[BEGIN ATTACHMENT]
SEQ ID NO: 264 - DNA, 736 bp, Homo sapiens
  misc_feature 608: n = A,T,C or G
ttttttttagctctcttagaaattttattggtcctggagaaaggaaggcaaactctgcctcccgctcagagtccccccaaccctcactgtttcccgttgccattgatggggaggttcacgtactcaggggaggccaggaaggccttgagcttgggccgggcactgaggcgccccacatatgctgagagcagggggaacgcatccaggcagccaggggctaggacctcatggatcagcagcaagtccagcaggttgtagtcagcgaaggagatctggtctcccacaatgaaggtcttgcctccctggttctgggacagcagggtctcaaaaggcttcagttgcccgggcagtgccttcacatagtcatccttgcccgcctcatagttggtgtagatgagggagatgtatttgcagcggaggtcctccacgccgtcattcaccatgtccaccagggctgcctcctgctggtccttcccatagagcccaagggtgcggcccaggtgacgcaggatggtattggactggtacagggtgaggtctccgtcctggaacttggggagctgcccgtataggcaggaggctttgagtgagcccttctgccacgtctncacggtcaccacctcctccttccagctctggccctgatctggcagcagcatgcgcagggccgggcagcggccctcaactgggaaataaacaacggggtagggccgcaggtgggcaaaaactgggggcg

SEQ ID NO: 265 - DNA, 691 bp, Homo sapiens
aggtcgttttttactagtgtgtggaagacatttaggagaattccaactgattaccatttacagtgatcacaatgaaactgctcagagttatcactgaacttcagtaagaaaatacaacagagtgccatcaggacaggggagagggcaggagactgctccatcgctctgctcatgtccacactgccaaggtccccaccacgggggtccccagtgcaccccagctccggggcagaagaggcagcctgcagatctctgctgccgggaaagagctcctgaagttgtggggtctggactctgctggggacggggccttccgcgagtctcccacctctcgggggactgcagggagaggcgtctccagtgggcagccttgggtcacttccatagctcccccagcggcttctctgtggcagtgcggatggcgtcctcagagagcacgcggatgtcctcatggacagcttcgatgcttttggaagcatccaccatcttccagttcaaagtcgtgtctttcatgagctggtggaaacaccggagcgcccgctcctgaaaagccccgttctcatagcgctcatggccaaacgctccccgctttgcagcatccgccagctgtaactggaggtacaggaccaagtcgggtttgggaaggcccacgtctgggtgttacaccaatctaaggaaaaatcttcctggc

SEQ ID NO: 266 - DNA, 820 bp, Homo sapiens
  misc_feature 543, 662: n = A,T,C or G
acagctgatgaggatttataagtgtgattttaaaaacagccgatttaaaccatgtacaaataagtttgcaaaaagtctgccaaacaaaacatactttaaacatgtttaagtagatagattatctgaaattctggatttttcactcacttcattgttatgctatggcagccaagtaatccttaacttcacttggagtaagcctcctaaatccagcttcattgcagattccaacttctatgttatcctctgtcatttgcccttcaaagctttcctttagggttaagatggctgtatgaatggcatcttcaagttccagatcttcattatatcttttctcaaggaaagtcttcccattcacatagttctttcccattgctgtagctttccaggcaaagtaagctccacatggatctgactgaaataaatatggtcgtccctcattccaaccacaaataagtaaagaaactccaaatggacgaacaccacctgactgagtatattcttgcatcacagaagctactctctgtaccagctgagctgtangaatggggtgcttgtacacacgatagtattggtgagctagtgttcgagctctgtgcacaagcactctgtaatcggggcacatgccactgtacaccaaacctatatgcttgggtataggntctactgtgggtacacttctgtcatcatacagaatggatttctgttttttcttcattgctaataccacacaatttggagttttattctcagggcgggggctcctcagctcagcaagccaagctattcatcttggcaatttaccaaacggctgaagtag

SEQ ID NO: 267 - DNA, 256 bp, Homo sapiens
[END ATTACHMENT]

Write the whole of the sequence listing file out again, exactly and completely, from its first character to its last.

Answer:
SEQ ID NO: 264 - DNA, 736 bp, Homo sapiens
  misc_feature 608: n = A,T,C or G
ttttttttagctctcttagaaattttattggtcctggagaaaggaaggcaaactctgcctcccgctcagagtccccccaaccctcactgtttcccgttgccattgatggggaggttcacgtactcaggggaggccaggaaggccttgagcttgggccgggcactgaggcgccccacatatgctgagagcagggggaacgcatccaggcagccaggggctaggacctcatggatcagcagcaagtccagcaggttgtagtcagcgaaggagatctggtctcccacaatgaaggtcttgcctccctggttctgggacagcagggtctcaaaaggcttcagttgcccgggcagtgccttcacatagtcatccttgcccgcctcatagttggtgtagatgagggagatgtatttgcagcggaggtcctccacgccgtcattcaccatgtccaccagggctgcctcctgctggtccttcccatagagcccaagggtgcggcccaggtgacgcaggatggtattggactggtacagggtgaggtctccgtcctggaacttggggagctgcccgtataggcaggaggctttgagtgagcccttctgccacgtctncacggtcaccacctcctccttccagctctggccctgatctggcagcagcatgcgcagggccgggcagcggccctcaactgggaaataaacaacggggtagggccgcaggtgggcaaaaactgggggcg

SEQ ID NO: 265 - DNA, 691 bp, Homo sapiens
aggtcgttttttactagtgtgtggaagacatttaggagaattccaactgattaccatttacagtgatcacaatgaaactgctcagagttatcactgaacttcagtaagaaaatacaacagagtgccatcaggacaggggagagggcaggagactgctccatcgctctgctcatgtccacactgccaaggtccccaccacgggggtccccagtgcaccccagctccggggcagaagaggcagcctgcagatctctgctgccgggaaagagctcctgaagttgtggggtctggactctgctggggacggggccttccgcgagtctcccacctctcgggggactgcagggagaggcgtctccagtgggcagccttgggtcacttccatagctcccccagcggcttctctgtggcagtgcggatggcgtcctcagagagcacgcggatgtcctcatggacagcttcgatgcttttggaagcatccaccatcttccagttcaaagtcgtgtctttcatgagctggtggaaacaccggagcgcccgctcctgaaaagccccgttctcatagcgctcatggccaaacgctccccgctttgcagcatccgccagctgtaactggaggtacaggaccaagtcgggtttgggaaggcccacgtctgggtgttacaccaatctaaggaaaaatcttcctggc

SEQ ID NO: 266 - DNA, 820 bp, Homo sapiens
  misc_feature 543, 662: n = A,T,C or G
acagctgatgaggatttataagtgtgattttaaaaacagccgatttaaaccatgtacaaataagtttgcaaaaagtctgccaaacaaaacatactttaaacatgtttaagtagatagattatctgaaattctggatttttcactcacttcattgttatgctatggcagccaagtaatccttaacttcacttggagtaagcctcctaaatccagcttcattgcagattccaacttctatgttatcctctgtcatttgcccttcaaagctttcctttagggttaagatggctgtatgaatggcatcttcaagttccagatcttcattatatcttttctcaaggaaagtcttcccattcacatagttctttcccattgctgtagctttccaggcaaagtaagctccacatggatctgactgaaataaatatggtcgtccctcattccaaccacaaataagtaaagaaactccaaatggacgaacaccacctgactgagtatattcttgcatcacagaagctactctctgtaccagctgagctgtangaatggggtgcttgtacacacgatagtattggtgagctagtgttcgagctctgtgcacaagcactctgtaatcggggcacatgccactgtacaccaaacctatatgcttgggtataggntctactgtgggtacacttctgtcatcatacagaatggatttctgttttttcttcattgctaataccacacaatttggagttttattctcagggcgggggctcctcagctcagcaagccaagctattcatcttggcaatttaccaaacggctgaagtag

SEQ ID NO: 267 - DNA, 256 bp, Homo sapiens